The Salina Journal from Salina, Kansas on April 15, 2001 · Page 2
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The Salina Journal from Salina, Kansas · Page 2

Salina, Kansas
Issue Date:
Sunday, April 15, 2001
Page 2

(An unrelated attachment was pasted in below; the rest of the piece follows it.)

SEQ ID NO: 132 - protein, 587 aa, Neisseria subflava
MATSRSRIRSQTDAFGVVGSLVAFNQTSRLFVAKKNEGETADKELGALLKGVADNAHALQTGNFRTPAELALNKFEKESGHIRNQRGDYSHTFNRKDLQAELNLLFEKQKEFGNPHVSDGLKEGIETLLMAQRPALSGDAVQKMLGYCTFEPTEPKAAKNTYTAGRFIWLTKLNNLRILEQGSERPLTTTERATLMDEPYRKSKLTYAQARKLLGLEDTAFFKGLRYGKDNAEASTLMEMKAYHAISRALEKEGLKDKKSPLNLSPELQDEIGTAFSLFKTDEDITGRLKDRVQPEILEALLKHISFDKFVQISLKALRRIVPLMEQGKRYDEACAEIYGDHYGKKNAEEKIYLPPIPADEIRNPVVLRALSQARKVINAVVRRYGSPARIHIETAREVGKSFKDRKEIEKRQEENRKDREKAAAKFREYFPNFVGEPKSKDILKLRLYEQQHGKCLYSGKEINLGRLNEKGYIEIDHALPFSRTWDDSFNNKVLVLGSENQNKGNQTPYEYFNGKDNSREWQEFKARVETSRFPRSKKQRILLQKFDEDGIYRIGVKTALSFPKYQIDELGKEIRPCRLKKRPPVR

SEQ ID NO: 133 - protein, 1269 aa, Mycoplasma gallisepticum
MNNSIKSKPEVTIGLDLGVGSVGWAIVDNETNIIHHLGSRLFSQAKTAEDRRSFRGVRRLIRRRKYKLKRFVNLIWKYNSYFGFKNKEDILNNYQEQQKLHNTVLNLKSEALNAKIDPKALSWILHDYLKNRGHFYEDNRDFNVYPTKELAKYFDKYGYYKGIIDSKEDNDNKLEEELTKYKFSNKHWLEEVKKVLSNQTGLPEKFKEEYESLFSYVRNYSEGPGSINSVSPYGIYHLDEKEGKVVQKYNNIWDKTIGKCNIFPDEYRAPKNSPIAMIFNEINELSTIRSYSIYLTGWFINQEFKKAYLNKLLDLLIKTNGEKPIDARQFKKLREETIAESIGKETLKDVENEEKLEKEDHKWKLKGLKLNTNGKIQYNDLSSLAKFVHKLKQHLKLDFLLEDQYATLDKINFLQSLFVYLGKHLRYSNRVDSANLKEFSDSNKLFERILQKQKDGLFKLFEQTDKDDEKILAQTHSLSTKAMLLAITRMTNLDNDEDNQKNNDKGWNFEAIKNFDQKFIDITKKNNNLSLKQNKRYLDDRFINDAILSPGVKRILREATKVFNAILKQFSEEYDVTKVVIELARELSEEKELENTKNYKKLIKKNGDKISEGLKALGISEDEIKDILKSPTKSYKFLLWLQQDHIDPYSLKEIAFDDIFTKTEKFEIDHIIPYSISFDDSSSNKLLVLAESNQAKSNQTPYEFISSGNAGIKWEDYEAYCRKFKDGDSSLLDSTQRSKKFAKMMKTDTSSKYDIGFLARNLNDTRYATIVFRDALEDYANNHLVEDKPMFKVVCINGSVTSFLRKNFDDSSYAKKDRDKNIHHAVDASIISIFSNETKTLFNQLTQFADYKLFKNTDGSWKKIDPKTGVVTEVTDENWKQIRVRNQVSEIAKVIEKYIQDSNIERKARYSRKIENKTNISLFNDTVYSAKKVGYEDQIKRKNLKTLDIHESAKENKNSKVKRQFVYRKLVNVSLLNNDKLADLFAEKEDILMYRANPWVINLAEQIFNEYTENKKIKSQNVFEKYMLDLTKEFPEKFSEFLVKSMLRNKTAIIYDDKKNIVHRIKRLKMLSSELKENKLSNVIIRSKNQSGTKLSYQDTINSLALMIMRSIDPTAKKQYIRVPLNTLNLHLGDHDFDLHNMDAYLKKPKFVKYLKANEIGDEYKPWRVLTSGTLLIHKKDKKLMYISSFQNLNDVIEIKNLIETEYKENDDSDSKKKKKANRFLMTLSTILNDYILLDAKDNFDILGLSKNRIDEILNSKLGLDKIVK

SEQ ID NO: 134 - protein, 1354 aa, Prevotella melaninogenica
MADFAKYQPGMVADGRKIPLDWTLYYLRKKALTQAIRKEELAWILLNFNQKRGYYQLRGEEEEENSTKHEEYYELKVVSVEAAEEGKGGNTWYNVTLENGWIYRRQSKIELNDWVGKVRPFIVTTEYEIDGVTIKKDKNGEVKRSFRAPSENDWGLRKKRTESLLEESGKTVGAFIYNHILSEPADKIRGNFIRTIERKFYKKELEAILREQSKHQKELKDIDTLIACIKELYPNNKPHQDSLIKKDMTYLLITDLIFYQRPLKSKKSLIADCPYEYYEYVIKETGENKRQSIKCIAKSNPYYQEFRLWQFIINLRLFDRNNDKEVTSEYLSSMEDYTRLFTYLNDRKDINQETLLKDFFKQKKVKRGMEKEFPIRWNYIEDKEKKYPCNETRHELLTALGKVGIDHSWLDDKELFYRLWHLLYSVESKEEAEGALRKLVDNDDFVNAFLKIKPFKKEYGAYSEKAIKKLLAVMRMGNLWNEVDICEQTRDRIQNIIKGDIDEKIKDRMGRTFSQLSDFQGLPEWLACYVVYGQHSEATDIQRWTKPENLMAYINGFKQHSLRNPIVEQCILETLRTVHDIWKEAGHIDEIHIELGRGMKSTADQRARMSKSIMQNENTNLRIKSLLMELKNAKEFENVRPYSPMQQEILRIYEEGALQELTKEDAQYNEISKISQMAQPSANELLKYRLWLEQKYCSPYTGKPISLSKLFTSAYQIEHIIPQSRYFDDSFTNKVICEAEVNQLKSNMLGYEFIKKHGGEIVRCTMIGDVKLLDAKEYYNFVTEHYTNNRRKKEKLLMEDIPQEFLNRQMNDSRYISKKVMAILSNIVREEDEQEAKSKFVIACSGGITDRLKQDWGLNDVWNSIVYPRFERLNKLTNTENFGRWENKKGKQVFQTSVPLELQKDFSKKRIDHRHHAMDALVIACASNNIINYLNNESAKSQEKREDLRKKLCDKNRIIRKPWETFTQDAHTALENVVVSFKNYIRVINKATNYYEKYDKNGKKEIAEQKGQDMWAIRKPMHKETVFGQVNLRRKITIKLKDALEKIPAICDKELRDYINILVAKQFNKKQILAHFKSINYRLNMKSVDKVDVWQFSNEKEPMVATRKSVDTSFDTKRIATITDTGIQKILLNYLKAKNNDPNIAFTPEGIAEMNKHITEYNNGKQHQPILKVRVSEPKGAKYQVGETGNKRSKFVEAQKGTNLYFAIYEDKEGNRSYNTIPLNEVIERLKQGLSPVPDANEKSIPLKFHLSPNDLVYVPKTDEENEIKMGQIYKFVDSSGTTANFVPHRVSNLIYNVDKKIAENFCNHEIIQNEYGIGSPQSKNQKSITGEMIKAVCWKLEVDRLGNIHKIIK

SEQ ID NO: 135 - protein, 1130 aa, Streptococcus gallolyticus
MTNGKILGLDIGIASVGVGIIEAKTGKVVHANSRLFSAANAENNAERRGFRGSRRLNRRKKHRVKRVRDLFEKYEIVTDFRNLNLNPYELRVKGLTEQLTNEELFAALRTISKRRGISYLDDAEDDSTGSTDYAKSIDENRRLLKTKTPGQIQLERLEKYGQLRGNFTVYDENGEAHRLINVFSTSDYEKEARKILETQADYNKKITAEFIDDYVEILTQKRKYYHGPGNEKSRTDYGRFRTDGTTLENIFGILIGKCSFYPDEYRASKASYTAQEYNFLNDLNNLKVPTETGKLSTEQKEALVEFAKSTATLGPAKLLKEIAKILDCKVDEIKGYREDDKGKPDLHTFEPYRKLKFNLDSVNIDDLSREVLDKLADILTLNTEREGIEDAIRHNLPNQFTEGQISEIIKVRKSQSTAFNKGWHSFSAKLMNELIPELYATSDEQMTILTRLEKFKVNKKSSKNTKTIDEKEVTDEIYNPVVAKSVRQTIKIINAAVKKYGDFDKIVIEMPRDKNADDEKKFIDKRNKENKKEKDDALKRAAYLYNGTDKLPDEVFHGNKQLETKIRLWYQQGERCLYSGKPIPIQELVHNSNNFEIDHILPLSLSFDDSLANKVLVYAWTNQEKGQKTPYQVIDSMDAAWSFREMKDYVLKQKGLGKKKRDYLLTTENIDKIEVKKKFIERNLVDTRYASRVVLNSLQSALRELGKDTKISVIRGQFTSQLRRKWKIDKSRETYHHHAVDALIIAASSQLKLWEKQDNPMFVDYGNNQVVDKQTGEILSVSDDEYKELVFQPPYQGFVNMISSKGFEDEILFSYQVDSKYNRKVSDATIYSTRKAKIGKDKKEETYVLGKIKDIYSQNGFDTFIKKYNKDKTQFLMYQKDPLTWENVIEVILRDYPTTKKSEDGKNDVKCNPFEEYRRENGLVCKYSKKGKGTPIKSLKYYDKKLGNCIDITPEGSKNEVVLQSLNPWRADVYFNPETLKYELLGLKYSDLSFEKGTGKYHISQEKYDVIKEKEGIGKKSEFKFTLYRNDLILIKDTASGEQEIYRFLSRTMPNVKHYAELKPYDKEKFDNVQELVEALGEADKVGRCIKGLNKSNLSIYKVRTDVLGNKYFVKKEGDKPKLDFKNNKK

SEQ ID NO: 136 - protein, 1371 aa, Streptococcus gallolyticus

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A2 SUNDAY. APRIL 15, 2001 THE SALINA JOURNAL Crew / Bush stays out of picture FROM PAGE A2 , "He thought it was really silly,", Sandy Cecka said. "But it was really important to me that if there was ever a situation, we'd have that in place." When Cecka's parents emailed their son while he was being held last week on Hainan island, they asked if he was near any pomegranates. Cecka, 28, said the island only had mangoes and papayas. "That told me he was OK and he still had his good sense of humor," Cecka said. The Ceckas were among more than 7,000 people who gathered at Whidbey Island Naval Air Station Saturday to welcome home the Americans forced to land on Hainan Island after their collision with a Chinese jet fighter. When Cecka returned, he hugged his wife then held his 4- month-old son to coo at him. Red, white and blue balloons and a 40-by-60-foot American flag decorated the hangar. Throughout the neighboring city of Oak Harbor, flags and "Welcome Home" signs were posted among yellow ribbons. The crowd waved small American flags outside the hangar. Jeremy Helmstadter said he was one of the first in line to get into the base Saturday "just to show my support and to show everybody we miss them and we needed them back." President Bush decided against attending the homecoming, White House press sec- "What's important is that everyone come home without a lot of hoop-de-la" Arl Fleischer White House press secretary retary Ari Fleischer said Friday The president "does not believe that politicians need to always insert themselves into tender moments," he said. "What's important is that everyone come home without a lot of hoop-de-la," Fleischer told reporters in Crawford, Texas. After the official welcome, the crew members will have up to a month of time off, said Capt. Bill Marriott, commander of Patrol and Reconnaissance Wing 10 at Whidbey Navy officials want to make sure the crew is mentally ready to handle a return to duty, he said. The crew's ordeal began April 1 when their EP-3E Navy surveillance plane was crippled in a collision with a Chinese fighter jet and made an emergency landing on China's Hainan island. The Chinese fighter and its pilot were lost. The crew was held for 11 days until the diplomatic stalemate ended with the words "very sorry" from U.S. officials. U.S. officials say it was an expression of regret, not an apology as Chinese officials have characterized it. Health / Five insurance networks FROM PAGE A1 "The losers are all the Saline County residents, because as long as there's competition, there's going to be competitive rates in Saline County," Van Milligen said. "When WPPA becomes a nonoption. Blue Cross Blue Shield (Salina's largest health insurance provider) will notice there's a void." Salina Regional Health Center, gets payments from five -health insurance networks. •WPFA and Preferred Health •Care are the second- and third- leading health insurance :pfoviders. Last year, Preferred Health and WPPA each spent about $6.2 million with the hos- ipital while Blue Cross Blue •Shield spent more than $26 mil- Uon. '• -Health insurance coverage ; varies dramatically for patients covered under WPPA, so the effect of higher costs will vary However, it will mean higher deductibles (costs patients are responsible for before insurance begins to pay). Also, the patient will be responsible for a Higher percentage of the total bill for care at Salina Regional Health Center. . Salina doctors who have a contract with WPPA will not be affected by the lack of a contract with the hospital. Van Milligen said the problem wasn't because the hospital's medical costs were high. Rather, the rate of increase soared compared to other hospitals. He said WPPA first approached Salina Regional Health Center about the sharp increases in September 2000. : Eight percent is an ideal growth "We certainly want to do whatever we can to make sure patients who have coverage with WPPA don't get harmed by this." Rick Hertzenberg vice president of business development, Salina Regional Health Center rate over two years, he said. Salina Regional quintupled that. Hertzenberg said the hospital's board of directors had approved a 9 percent increase over that two-year period, but the unexpected number of high-cost cases and complicated cases as well as an increase in the total cases sent the rate up 40 percent. "WPPA in 2000 had a bad year. They had a lot of sick patients that they had to reimburse us for, and as a result they paid us a lot more money than they had before," Hertzenberg said. "Next year, they could have patients who are well. They wouldn't be complaining then. If you looked at other networks, their rate of growth would be less than that." Van Milligen accused Salina Regional of taking advantage of health insurance networks to boost profits for building projects and new services. "Salina wants to build a new facility for a cancer center^" Van Milligen said. "The way to get money for things like that is to raise prices. That's just business. I don't care if they do it; I just care how much my groups are paying and how fast that is growing." Hertzenberg said WPPA's de­ mands have been unrealistic. "When you have someone unreasonable about discount levels and you give in to them, all the other (networks) are going to want it, too," Hertzenberg said. "If you cave in, you could lose your profit margin overnight." Blue Cross Blue Shield pays lower rates than WPPA. Hertzenberg said WPPA, because it has fewer patients, shouldn't expect nearly the same rates. Both Hertzenberg and Van Milligen said their concern now is patients who may be caught without a net. While he wouldn't release Salina numbers. Van Milligen said Salina is the company's second-largest service area. Wichita is its largest. The WPPA network provides coverage for 28 insurance companies with more than 1,000 employers and about 250 self- insured employers. There also are 16,000 individuals who buy coverage. ' "We certainly want to do whatever we can to make sure patients who have coverage with WPPA don't get harmed by this," Hertzenberg said. Van Milligen said the nonre- newed contract has employers searching for options which in- Water /1,200 streams affected FROM PAGE A1 "With these recommendations to guide us, I believe we may achieve balance among interested stakeholders — including agriculture, communities, business and our environment," Graves said. At issue were about 1,200 streams the state said weren't meant for swimming and didn't have to meet standards to make them safe for it. Some are dry for at least part of the year The EPA said last year the state couldn't justify how it designated those streams and, absent detailed state reports, they should be clean enough for boating and swimming. The new law will impose different standards for different streams — and exempt low- flowing streams and dry stream beds from regulation. Agricultural groups said without those changes, landowners would have to fence off streams that carry little or no water. Tyson and Benjamin noted the EPA will review the new state law and make its own decision on whether it follows the Clean Water Act. Supporters of the legislation believed its enactment would BEHIND CLOSED DOORS ADULT NOVELTIES VIDEOS • LOTIONS • MAGAZINES U am - 9 pm Mon. • Sal • 1 pm • 5 pen Sun. 1901 W. Gnuid • SJin. • (785) 823-1339 not conflict with the federal law, and Graves said in his message it exercises power granted the state under the Clean Water Act. Portions conflict with law But Benjamin disagreed, saying portions of the bill, such as the provision exempting low- flowing streams, conflict with the federal law. "This would be environmental policy in Kansas, of the polluters, by the polluters and for the polluters — and the rest of the people of Kansas be damned," Benjamin said. He added: "The major polluters of the state's waters — that is agriculture — will continue to get away with it." But Tyson, a rancher, said Benjamin and other environmentalists don't understand what farmers and ranchers do to "keep this environment together." "We have kids and grandkids too, and we'd like them to be able to go wade in the creek," Tyson said. m * 1 30 is ONLY Half way to middle age* Happy Birthday Mom & Casey Stay curious. PUBLIC TELEVISION Vjfi' Public television for central and western Kansas WWW.ShptV.OIg YEN CUING Chinese Restsauxant DELIVERY 823-1685 Open 7 diy> a wttk Dine In & Carryout 540 S. Broadway « 823-2089 ^823-7512 Custom Design & Jewelry Repair Est. 1884 W € L C RS Fine Credit Jewelers It's the little things that matter. 123 N. Santa Fe / 825-0531 elude leaving the network and joining another; creating an individual contract with the hospital; or joining a wraparound network that allows employers to seek care at nonnetwork hospitals, such as Salina Regional Health Center. There is a fourth option, Hertzenberg said. He proposed it Friday in an e-mail to Van Milligen. The proposal would allow WPPA groups to pay the hospital at the same rate, and the hospital would cover the difference between out-of-network costs and in-network benefits. It would be a short-term solution and would continue only through the end of the contract for each individual group. If a group decides to renew with WPPA, the hospital would not continue to pay the difference of out-of-network costs vs. in-network benefits. Van Milligen said without a different contract, his groups may have decided to find new providers anyway "Our decision is based on the fact that if the cost kept going up, tliere would be no life there anyway," he said. Cher Richards, human resources director at busmaker EIDorado National, 304 E. Avenue B, which has 300 employees, said her company is exploring options but plans on staying with WPPA. "It's creating some work for us," she said, declining to comment further. • Reporter Kara Rhodes can be reached at 823-6464, Ext. 167. or by e-mail at sjkrhodes@sal PEN1M 23201'Iiina Galwy Coitoi 827-2497 ' Whcce The }iin N wet Sets" WHstband 7 p.m. -11 p.m. $10.00 FamTlyFun Unlimited Play* *Doei not Include arcade GOLF buy one get one FREE ThrougiT Memorial Day Gift Certificates Available .Ilk- • VK'^-SJlV-iMli)!) Perms • Colors • Shaxnpoo Sets • Cuts • Sculptured Nails Comecllng communl^es mtih tnfarmatloh • (USPS4f , Published seven days aweek, 385 daysla year at333 S. F^Hh,' RGJ B<»<i74d ,'Sallna,.KS 67402, by'Salina Jdurrfal'lnc. ..'k Peri^ioal postage paid at SdltrtiKS , . ?; ••• ;;:l=H3slrnaster, send ehanges'of address to:-; ^'Wl'-v The Salina Journal, P.O. Box 740, Salina KS 67402-07id':iM J T(A»Bmx, e(fltor&publisher, tbBlieialJDumtcom'^h^ -,<, . DEPABTMEWrS •• • ADVERTISING: KiM NonwooD • NEWS:S COTT S EIRER ; S; :: dlreclor, execuevB editor, eseli^r&aUll^malmm • BUSINESS; J AOKI R VBA, manager, • PRjODUdTION: D AVI B ArKiNsoN ' mnagar, aatklnsoeimjoumaleom •CIRCULATION: D AVID G RAHAM " director, graliam& 823-6863 Salina 1-800-827^6868 Kansas-- SUBSCBIPTIOiyS E-mall: ajcirc@aaljournal.coin •• NO PAPER?: If your paper doesn't anlve by 6:30 a.m. weekdays or 7 a.m. weekends and holidays, call the number above. In Salina, If you call by 11 a.m., yourpaper will be delivered thai day Out-of-town subscribers will receive missed papers the following day • CIRCUUTION DEPARTMENT HOURS: Open at 5:30 a.m. dally Closes at 5:30 p.m. weekdays, 11 a.m. on weekends, 11 a.m. on holidays. • CARRIER RATES: $15.00 plus tax : for one month, $42.19 plus tax for three months. ,j.: : • RATES BY l«OTOR ROUTE: • $15.94 plus tax for one month, $47.82 plus tax for three months. ; • RATES BV WiL (ihree months): In Kansas, $45.58 plus tax fordally paper, $37.12 plus tax for liflonday through Saturday, $36,06 plus tax for Monday through Friday and $20,21 plus tax for' Sunday,: Outside Kansas, $54.75 for dally paper, $44.25 for Monday through Saturday, $49.50 for Monday through Friday • and $25.95 for Sunday . v FAX l\IUMBEBS AU. DEPARTMEhirS 823^7 NEWS DEBWrnVIENT 827-6363 SPORTS 827-6060 E. Crawford Street Bistro & Cafe Easter Buffet 10:30-2:00 Reservations Accepted! Customized Catering! 1200 E. Crawford • 827-2728 CURIO CABINETS SHOCKEY & LANDES ^CFURNITUREANpGIFTg))! 324 N. Broadway, Abilene, Kansas Mon..Fri. 9-5:30 • Sat. 9-5:00 • 785-263-4770 I Financing,AvaUable • Delivery Available SS ggjg K I Treatment for Children's Behavior Problems ckmhc Central Kansas Mental Health Center Serving the people of Dickinson, Ellsworth, Lincoln, Ottawa & Saline Counties 809 Elmhurst • Salina 823-6322 1-800-794-8281 Cut Vour Mowing Time in HalJ! Dizon ZTR Riding Mowers ZTR Stands for Zero Turning Radius, and that means the Dixon is SO easy to maneuver that it mal<es mowing your yard fast, easy and fun! Come by today for a free test ride on the mower that can turn yard worl< into pleasure, the Dixon ZTR! 10.5-hpto 15.5-hp residential and 17-hp to 20-hp Estate models powered by... C^RIGGS&STRATTDNJ $0 Doom Retail Financing Available WA.C See Dealer Jar Details Root 's Small Engine Repair 820 N. 13th / Salina, KS 67401 (785) 827-6047 Diion Muiiiiti It a tkm Inltrnallonol. Inc. Co. '/' I'll A /f _ „ eOiwn mi m ore regliltred Irodtniiks ol Iht Diion Indiitltiei, ln(. ^ 1IV.. iViUWClb YOB Cannot Buy Better Performing Broke Pods than NAPA BRAKES We offer 2 year - 30,000 mile bral<e pads front or rear Includes pads, turning and swirling rotors. (some vehicles slightly higher) BRAKES liFEIIME BRAKE PADS. TURNING AND SWIRLING ROfORS. Front or Rear Anywhere in the U.S. (some vehicles slightly higher) Whether you choose the two year 30,000 nvleor the lifetime braliepads we always turn and swirl the rotors Clean the rotors m hot sudsy water, lube the slides, lube the caliper slides a!d pacfeXe/bearings ^-^pproved Auto Repair (J^ AutoCare Center - We Install Quality NAPA Parts. SERVICE CENTER 'MS MMMUMiliHI 1-B00-74B-8171 785-823-3771 ^ n ISI Hi H n